Elephant Trunk Hill (Chinese : Ïó±ÇÉ½ Xiangbishan) is the symbol of Guilin . The elephant is not a hill at all, but rather a rock formation that looks like an elephant sucking water through its trunk and located at the tip of a 180¡ã hill. It is located inside a park and reached by walking up and down some steep steps, or a one-minute bamboo raft ride. The rock formation is 356¡¯ in length and 330¡¯ in width. The opening between the trunk and body is round and named "Moon-over-Water Cave," although you can walk right through this "cave." On the walls there are some 70 inscriptions, poetically describing the beauty. Halfway up is a smaller opening that represents the eyes.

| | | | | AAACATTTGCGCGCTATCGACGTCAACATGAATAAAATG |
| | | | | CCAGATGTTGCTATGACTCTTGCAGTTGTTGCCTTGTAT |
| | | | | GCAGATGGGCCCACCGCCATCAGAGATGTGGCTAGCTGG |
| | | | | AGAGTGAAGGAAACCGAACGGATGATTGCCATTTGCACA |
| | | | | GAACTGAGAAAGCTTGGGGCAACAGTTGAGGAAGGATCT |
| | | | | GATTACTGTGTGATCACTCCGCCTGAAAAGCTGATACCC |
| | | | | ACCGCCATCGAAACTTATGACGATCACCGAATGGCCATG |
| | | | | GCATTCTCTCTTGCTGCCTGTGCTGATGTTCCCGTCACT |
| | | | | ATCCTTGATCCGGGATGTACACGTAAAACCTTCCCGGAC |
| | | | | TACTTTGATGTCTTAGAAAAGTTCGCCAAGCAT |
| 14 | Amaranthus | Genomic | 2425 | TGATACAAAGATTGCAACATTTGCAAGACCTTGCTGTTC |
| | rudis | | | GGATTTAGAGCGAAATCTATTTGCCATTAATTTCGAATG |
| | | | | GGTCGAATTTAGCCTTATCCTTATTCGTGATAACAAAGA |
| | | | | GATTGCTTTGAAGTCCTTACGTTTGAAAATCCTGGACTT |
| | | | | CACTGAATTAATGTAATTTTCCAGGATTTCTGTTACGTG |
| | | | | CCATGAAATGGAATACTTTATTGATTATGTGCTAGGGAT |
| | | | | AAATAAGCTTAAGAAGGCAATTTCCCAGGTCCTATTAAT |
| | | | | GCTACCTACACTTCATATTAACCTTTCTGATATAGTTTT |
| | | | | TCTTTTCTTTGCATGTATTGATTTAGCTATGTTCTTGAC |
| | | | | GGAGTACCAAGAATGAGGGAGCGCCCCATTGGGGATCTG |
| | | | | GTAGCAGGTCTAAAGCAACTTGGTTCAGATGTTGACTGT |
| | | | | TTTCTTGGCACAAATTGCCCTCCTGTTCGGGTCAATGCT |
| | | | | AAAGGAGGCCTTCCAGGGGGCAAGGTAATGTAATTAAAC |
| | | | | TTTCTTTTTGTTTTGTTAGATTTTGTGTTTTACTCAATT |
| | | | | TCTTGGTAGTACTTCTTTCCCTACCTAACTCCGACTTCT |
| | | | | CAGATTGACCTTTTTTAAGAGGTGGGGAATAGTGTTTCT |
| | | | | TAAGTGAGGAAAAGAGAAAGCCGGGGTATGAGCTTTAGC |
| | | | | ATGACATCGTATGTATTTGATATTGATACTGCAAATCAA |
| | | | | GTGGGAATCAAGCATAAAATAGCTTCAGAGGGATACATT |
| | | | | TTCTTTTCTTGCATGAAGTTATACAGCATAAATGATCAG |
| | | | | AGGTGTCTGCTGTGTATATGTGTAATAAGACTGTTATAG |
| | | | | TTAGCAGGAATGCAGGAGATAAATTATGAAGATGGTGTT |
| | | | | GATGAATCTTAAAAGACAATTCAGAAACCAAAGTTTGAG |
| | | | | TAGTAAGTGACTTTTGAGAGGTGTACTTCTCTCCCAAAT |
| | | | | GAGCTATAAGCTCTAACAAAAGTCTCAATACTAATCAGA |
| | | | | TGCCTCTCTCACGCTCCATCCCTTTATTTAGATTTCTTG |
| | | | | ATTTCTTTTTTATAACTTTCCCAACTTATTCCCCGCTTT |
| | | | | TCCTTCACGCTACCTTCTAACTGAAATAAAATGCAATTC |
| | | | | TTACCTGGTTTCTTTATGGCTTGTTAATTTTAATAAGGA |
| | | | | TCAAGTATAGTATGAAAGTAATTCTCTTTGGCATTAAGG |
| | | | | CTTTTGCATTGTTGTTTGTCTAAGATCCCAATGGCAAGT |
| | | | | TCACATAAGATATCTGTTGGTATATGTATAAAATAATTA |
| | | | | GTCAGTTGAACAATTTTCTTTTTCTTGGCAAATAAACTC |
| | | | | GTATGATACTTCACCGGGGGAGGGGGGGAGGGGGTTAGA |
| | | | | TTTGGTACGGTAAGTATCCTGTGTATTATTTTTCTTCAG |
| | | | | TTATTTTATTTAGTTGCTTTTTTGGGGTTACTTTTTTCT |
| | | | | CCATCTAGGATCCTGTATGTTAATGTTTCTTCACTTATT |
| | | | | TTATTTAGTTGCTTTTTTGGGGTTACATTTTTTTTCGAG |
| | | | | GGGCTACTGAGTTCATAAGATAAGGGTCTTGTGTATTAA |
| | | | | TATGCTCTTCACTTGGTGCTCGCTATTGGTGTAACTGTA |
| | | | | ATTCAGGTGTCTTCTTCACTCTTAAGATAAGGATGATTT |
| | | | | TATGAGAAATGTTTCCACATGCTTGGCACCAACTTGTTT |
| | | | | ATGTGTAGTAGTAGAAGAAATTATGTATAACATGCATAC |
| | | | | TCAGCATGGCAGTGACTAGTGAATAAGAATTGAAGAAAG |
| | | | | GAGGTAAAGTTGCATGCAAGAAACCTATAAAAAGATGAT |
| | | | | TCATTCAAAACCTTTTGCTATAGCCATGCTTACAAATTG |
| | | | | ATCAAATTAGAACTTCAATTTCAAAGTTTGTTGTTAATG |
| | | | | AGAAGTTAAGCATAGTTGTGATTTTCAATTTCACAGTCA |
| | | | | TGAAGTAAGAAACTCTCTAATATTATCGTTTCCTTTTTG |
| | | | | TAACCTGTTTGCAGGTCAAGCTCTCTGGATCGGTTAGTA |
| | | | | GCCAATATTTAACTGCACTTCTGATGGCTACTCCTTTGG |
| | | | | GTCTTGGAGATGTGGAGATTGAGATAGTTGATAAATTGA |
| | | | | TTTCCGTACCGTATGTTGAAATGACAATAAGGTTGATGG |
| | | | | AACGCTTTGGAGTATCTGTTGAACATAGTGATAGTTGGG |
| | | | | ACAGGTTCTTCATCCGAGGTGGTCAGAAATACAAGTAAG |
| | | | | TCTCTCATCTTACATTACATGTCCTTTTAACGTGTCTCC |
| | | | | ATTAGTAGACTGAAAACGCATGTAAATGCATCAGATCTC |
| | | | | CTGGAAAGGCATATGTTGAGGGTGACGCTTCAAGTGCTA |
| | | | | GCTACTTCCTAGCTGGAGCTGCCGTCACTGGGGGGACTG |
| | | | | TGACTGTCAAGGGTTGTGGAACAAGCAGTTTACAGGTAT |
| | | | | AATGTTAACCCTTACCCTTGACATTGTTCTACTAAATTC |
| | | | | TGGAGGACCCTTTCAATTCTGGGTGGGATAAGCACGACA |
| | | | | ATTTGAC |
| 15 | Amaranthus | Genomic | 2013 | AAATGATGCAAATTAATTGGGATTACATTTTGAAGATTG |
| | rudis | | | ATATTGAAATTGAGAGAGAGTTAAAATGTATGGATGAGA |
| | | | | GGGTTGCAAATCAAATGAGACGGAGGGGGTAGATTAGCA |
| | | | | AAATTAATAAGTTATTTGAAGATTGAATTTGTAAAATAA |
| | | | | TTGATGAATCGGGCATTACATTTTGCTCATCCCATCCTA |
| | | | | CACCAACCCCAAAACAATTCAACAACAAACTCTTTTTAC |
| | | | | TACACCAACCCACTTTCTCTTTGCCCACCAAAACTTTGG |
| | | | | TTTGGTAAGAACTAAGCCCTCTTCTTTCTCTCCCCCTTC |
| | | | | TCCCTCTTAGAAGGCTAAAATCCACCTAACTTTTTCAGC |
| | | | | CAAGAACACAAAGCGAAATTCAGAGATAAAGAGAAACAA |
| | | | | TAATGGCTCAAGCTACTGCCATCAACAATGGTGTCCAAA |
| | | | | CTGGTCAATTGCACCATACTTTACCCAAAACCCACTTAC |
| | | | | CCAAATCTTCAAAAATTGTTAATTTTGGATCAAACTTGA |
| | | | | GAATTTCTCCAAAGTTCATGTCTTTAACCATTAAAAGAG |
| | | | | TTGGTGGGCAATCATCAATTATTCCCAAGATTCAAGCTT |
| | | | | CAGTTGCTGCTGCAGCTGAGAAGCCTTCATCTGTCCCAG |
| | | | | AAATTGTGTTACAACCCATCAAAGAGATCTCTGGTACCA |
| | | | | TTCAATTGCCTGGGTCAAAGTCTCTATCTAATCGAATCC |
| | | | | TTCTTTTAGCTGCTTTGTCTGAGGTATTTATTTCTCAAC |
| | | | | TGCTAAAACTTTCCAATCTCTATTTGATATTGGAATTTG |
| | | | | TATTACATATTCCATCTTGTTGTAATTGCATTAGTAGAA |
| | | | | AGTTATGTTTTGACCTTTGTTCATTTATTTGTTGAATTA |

Behind a gazebo, just off the path leading up the hill, is a cavern filled with images of Buddha and small statues. As with most statues of Buddha, there are remnants of where incense was burned and images rubbed for good fortune.
On the path that leads to the trunk, you have the option of going up to the top where Puxian Pagoda from the Ming dynasty circa 1400 to 1600 stands. It is a very simple pagoda, shaped like the handle of swords, and appears carved out of rock. Tall trees prevent this from being much of a viewpoint.